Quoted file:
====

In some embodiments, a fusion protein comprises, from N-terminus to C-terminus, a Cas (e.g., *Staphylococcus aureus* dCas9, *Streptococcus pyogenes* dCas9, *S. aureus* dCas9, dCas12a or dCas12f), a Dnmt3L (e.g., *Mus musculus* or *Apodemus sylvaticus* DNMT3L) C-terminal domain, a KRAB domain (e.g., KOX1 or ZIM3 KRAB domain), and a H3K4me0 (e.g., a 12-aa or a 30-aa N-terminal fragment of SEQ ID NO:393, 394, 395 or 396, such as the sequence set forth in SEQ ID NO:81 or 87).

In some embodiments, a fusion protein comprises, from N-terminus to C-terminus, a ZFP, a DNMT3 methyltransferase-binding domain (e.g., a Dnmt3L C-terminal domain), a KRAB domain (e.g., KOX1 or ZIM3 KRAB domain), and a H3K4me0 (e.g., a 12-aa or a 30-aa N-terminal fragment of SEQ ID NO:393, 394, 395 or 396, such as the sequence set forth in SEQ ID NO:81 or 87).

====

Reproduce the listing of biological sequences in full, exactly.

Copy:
In some embodiments, a fusion protein comprises, from N-terminus to C-terminus, a Cas (e.g., *Staphylococcus aureus* dCas9, *Streptococcus pyogenes* dCas9, *S. aureus* dCas9, dCas12a or dCas12f), a Dnmt3L (e.g., *Mus musculus* or *Apodemus sylvaticus* DNMT3L) C-terminal domain, a KRAB domain (e.g., KOX1 or ZIM3 KRAB domain), and a H3K4me0 (e.g., a 12-aa or a 30-aa N-terminal fragment of SEQ ID NO:393, 394, 395 or 396, such as the sequence set forth in SEQ ID NO:81 or 87).

In some embodiments, a fusion protein comprises, from N-terminus to C-terminus, a ZFP, a DNMT3 methyltransferase-binding domain (e.g., a Dnmt3L C-terminal domain), a KRAB domain (e.g., KOX1 or ZIM3 KRAB domain), and a H3K4me0 (e.g., a 12-aa or a 30-aa N-terminal fragment of SEQ ID NO:393, 394, 395 or 396, such as the sequence set forth in SEQ ID NO:81 or 87).